At a Closer Look Nobody is Normal

Like Crazy, (Paolo Virzi, Italy, 2016)

Reviewed by Franco Ferrarini, Gastroenterologist and Film Reviewer

Beatrice (Valeria Bruni Tedeschi) and Donatella (Micaela Ramazzotti) live in a Mental Care Health Home. The former is an upper class mythomaniac, a compulsive liar with fantastical stories, whilst the latter comes from a lower socio-economic class and suffers from severe depression. These two women, so radically different from each other, strike up a friendly relationship and decide to embark on a road trip in search of freedom and happiness.  The road journey reminds us of Ridley Scott’s Thelma and Louise (1991) where another two women escape the oppression of abusive men. Whereas Thelma and Louise willfully sacrifice their lives in pursuit of freedom, Beatrice and Donatella, after facing the hostile environment of the outside world, decide to go back to the safe haven of a Mental Care Home.

A key statement to interpreting Virzì’s film is a sentence handwritten on a wall in the health care facility “At a closer look nobody is normal” (translated from the Italian “Da vicino nessuno è normale”). The original author of this statement is not known: some ascribe it to Oscar Wilde, others to the Brazilian songwriter Caetano Veloso and others to the Italian psychiatrist Franco Basaglia, advocate of the closure of psychiatric asylums which took place in Italy 40 years ago. Paolo Virzì develops this concept to emphasize how difficult, or even impossible, it can be to draw a line between normal and abnormal when a mental state is questioned. The line between the two states is a blurred one; maybe some of the so-called “crazy” patients are sensitive people, overwhelmed by life events. In fact, in both Donatella‘s and Beatrice’s past we come to know of circumstances which destabilized them mentally: both fell in love with men who mistreated them, and both had traumatic relations with their parents. Should they be allowed to live a normal life outside an institution? This is a very delicate question, because some mentally deranged people may exhibit dangerous behaviour.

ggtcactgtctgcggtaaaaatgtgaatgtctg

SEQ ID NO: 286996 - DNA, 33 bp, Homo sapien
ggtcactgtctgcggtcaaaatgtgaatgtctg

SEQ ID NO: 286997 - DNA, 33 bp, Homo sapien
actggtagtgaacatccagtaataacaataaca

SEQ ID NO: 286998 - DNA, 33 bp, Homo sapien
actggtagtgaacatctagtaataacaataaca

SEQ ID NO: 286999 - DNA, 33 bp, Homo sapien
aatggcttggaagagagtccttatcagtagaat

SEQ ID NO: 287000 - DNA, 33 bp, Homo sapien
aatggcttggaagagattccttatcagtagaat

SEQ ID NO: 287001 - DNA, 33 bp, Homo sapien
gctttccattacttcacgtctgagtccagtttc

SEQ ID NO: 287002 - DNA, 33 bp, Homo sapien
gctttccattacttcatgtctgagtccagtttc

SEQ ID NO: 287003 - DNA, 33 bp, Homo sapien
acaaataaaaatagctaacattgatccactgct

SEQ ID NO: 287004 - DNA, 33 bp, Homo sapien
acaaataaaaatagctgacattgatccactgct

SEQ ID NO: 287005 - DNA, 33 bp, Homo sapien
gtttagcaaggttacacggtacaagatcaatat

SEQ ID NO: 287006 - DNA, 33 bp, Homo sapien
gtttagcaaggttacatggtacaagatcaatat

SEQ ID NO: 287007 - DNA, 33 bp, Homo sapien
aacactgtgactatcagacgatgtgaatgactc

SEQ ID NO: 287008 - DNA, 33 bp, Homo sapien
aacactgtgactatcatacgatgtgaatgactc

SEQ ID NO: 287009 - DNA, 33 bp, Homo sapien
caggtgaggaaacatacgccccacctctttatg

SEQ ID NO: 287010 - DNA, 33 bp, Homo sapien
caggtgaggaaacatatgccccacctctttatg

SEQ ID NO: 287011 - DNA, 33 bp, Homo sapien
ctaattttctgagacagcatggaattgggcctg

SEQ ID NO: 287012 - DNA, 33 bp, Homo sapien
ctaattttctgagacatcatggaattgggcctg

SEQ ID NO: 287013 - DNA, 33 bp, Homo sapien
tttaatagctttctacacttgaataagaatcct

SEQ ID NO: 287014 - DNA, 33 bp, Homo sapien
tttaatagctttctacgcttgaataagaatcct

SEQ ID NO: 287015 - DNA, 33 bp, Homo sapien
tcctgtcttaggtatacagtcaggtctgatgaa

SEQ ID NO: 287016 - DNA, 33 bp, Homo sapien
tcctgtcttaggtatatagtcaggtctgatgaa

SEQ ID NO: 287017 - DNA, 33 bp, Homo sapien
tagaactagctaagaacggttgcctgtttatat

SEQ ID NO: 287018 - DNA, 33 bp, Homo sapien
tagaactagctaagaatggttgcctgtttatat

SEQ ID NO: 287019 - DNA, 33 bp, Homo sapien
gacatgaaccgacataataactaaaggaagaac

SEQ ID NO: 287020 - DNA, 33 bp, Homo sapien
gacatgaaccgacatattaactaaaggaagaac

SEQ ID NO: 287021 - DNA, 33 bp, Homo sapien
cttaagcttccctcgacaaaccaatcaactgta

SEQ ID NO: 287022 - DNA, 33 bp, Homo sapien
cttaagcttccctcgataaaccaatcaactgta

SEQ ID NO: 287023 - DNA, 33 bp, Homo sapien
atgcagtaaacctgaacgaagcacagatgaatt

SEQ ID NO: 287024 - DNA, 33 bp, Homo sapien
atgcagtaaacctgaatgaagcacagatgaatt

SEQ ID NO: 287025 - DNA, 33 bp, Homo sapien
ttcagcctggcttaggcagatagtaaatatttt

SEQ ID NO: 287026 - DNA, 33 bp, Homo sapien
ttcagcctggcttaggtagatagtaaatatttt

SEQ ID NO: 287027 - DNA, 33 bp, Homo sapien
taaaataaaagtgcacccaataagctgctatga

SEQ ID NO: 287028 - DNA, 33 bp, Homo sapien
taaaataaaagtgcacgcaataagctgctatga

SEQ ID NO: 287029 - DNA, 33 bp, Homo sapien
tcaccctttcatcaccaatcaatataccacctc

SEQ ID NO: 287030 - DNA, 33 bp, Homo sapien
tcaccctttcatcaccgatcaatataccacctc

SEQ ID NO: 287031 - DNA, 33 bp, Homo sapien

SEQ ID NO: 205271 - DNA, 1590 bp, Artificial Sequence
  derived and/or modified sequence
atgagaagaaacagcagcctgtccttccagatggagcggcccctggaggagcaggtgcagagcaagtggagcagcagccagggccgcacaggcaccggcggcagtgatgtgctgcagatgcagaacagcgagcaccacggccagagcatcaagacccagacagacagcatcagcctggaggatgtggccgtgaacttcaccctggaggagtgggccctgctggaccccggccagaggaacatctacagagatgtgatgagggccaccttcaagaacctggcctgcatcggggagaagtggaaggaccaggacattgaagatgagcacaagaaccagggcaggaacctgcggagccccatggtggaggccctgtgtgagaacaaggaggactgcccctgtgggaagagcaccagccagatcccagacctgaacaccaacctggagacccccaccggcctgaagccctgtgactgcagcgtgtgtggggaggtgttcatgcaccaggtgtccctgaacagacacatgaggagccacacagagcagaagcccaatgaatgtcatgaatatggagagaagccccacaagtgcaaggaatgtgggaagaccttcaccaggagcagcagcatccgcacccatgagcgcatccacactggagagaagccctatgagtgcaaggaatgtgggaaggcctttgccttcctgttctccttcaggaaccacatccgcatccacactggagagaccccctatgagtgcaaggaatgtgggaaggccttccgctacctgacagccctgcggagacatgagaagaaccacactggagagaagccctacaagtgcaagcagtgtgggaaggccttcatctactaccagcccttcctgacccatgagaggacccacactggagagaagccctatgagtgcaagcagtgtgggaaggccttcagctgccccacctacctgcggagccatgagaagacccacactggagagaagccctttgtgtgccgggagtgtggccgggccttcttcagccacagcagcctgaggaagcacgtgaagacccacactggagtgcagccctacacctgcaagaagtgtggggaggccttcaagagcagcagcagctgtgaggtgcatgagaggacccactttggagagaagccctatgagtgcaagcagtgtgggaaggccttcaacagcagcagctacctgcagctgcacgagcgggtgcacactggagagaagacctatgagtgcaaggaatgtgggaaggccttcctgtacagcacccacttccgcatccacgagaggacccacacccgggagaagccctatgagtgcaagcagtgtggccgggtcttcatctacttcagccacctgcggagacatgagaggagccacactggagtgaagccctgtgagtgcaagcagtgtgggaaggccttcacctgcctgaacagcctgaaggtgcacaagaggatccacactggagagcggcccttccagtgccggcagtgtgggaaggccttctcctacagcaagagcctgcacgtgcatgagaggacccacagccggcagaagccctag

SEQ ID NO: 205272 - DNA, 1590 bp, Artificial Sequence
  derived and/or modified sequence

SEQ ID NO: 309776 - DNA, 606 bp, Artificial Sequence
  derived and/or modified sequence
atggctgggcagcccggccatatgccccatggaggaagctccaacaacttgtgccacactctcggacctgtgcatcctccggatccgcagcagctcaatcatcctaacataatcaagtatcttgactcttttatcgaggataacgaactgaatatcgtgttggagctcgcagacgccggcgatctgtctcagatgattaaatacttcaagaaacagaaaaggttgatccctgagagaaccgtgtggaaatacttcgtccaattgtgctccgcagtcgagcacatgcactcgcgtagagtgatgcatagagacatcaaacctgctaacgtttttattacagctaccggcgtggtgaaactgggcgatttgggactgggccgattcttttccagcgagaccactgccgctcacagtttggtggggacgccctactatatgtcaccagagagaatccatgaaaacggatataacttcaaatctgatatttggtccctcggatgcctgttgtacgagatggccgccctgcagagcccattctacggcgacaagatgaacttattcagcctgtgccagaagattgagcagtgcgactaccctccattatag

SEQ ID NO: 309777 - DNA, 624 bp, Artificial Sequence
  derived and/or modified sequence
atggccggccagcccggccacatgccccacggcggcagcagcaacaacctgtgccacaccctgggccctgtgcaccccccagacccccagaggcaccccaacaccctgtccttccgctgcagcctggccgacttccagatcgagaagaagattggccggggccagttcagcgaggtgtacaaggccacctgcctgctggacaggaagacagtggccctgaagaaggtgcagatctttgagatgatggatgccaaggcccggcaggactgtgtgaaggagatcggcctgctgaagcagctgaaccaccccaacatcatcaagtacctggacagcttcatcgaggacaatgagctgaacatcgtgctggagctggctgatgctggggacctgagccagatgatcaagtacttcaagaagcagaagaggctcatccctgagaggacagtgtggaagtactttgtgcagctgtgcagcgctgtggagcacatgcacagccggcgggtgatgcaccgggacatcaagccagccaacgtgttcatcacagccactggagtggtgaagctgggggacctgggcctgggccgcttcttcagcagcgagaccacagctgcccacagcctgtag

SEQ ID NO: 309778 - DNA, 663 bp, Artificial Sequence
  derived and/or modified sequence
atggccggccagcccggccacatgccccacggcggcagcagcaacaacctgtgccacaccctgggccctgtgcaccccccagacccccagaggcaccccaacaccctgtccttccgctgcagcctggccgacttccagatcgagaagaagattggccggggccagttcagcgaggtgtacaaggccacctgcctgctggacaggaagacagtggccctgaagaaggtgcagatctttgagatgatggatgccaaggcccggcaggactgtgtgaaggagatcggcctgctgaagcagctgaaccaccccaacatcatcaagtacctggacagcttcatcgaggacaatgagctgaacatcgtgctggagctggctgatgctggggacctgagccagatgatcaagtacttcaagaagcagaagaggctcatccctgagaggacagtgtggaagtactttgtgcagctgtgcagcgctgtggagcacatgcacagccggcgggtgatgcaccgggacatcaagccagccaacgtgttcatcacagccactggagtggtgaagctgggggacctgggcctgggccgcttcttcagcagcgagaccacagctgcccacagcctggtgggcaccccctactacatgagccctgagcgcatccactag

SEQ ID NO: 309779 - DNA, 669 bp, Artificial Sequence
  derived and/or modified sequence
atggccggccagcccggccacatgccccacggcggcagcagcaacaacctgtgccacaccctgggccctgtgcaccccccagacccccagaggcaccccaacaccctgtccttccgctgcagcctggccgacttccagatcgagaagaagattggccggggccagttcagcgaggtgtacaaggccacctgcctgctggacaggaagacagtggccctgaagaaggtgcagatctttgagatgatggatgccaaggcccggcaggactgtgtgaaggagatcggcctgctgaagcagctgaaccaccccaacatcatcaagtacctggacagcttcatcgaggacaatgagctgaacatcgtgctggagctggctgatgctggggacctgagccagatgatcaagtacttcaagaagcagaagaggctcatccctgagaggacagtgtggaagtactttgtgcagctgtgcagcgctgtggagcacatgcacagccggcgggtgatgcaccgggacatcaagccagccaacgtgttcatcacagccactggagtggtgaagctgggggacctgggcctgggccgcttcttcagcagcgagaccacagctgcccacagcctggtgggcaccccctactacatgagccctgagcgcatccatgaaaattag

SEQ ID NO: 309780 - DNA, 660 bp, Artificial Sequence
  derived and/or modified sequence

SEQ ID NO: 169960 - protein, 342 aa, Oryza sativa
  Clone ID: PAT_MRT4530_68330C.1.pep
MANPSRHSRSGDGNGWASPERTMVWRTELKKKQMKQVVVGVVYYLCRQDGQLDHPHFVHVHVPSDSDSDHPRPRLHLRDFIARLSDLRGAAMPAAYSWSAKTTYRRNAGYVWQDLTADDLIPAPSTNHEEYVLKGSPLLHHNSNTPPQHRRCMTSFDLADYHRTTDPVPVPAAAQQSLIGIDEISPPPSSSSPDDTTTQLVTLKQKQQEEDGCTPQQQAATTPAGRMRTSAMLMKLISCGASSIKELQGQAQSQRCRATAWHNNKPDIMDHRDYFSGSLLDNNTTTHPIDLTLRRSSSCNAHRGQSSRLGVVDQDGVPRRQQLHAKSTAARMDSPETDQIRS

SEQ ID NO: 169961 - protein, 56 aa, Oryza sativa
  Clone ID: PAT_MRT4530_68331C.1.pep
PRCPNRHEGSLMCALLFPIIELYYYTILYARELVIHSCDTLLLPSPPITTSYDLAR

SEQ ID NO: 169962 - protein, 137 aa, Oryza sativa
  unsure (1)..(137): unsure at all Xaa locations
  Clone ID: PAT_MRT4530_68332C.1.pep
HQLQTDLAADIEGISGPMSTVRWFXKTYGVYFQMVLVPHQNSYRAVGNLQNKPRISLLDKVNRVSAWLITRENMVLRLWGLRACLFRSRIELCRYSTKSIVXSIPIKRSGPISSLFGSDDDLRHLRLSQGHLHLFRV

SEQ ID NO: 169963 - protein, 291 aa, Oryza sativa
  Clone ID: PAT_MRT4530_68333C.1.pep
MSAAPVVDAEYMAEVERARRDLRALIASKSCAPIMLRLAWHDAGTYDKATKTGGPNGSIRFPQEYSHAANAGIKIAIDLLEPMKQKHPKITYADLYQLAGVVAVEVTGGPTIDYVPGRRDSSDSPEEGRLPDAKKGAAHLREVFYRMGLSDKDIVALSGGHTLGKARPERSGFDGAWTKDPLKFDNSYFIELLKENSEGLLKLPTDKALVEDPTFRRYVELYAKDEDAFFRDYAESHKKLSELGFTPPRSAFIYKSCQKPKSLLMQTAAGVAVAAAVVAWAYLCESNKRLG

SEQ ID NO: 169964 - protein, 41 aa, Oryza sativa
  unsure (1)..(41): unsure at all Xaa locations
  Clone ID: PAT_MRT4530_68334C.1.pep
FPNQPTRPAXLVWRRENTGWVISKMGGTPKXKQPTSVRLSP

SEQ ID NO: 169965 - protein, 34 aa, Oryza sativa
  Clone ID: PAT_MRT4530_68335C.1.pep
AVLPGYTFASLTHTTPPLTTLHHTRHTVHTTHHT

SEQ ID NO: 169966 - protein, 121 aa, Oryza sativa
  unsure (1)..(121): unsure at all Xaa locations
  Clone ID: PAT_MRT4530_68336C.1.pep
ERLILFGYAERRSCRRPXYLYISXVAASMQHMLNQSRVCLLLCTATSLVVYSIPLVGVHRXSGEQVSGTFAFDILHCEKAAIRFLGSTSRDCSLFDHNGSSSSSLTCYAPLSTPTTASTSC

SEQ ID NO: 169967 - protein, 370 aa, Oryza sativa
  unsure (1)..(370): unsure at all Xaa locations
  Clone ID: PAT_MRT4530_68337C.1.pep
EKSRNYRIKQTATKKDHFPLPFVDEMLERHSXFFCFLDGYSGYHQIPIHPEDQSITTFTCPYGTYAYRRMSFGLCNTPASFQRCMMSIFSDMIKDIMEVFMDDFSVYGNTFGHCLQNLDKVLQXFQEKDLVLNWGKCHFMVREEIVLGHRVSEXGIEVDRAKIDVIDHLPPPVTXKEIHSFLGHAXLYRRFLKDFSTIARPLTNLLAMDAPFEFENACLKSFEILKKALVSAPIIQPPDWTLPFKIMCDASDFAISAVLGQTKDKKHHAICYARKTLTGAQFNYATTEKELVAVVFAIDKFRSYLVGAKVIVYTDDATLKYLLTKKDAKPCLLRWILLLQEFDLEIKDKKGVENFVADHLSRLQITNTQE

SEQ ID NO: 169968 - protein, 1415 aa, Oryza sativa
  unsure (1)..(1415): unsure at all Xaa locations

In Virzì’s film the Mental Care Health Home is completely different from an asylum: doctors and nurses treat their patients in a humane, almost affectionate, manner. Still the inpatients are locked in and deprived of their civil liberties. Beatrice’s and Donatella’s situation raises a difficult question: are they locked up because they are potentially dangerous to themselves and others or because none of their relatives wants to take care of them? Donatella has been abandoned by her lover and rejected by her father, and Beatrice has been ostracized by her family who strongly oppose her relation with a crook. In the world of film, mental hospitals have commonly been portrayed as concentration camps for dangerous residents who threaten the establishment when no one wants to care for them; Milos Forman’s One Flew Over the Cuckoo’s Nest (1975) and James Mangold’s Girl, Interrupted (1999) are notable examples.

Like Crazy is also noteworthy for its emotional and metaphorical content: think about the initial shot, where Donatella is contemplating suicide and killing her newborn baby, while at the end we see her happily playing in the sea with her grown-up child, under discreet control of his foster parents. The duality of water as a means of destruction, as in the Great Flood, and the origin of life is cleverly contrasted. In these scenes, Virzì experiments with the “Kulešov effect”, a cognitive phenomenon named after the Soviet film-maker Lev Vladimirovič Kulešov who argued in the 1920s that the interpretation of a given shot could be dramatically influenced by previous or ensuing shots, underlining the paramount role played by editing.

Another intriguing use of metaphor is seen in Beatrice handing drugs to other inpatients like a priest administering salvation during a holy communion; a symbol for a desperate need by patients for drugs to heal their madness and become “normal” again.

In spite of exploring hard hitting issues relating to motherhood, mental illness, and the human rights of mentally-ill subjects, Like Crazy still manages to offer moments of black comedy, delivered impeccably by an outstanding performance from its two female leads Valeria Bruni Tedeschi and Micaela Ramazzotti.  It surely deserves the awards received at the Nastro d’Argento 2016 and David di Donatello 2017 film festivals for Best Director, Best Film and Best Actress to Valeria Bruni Tedeschi.

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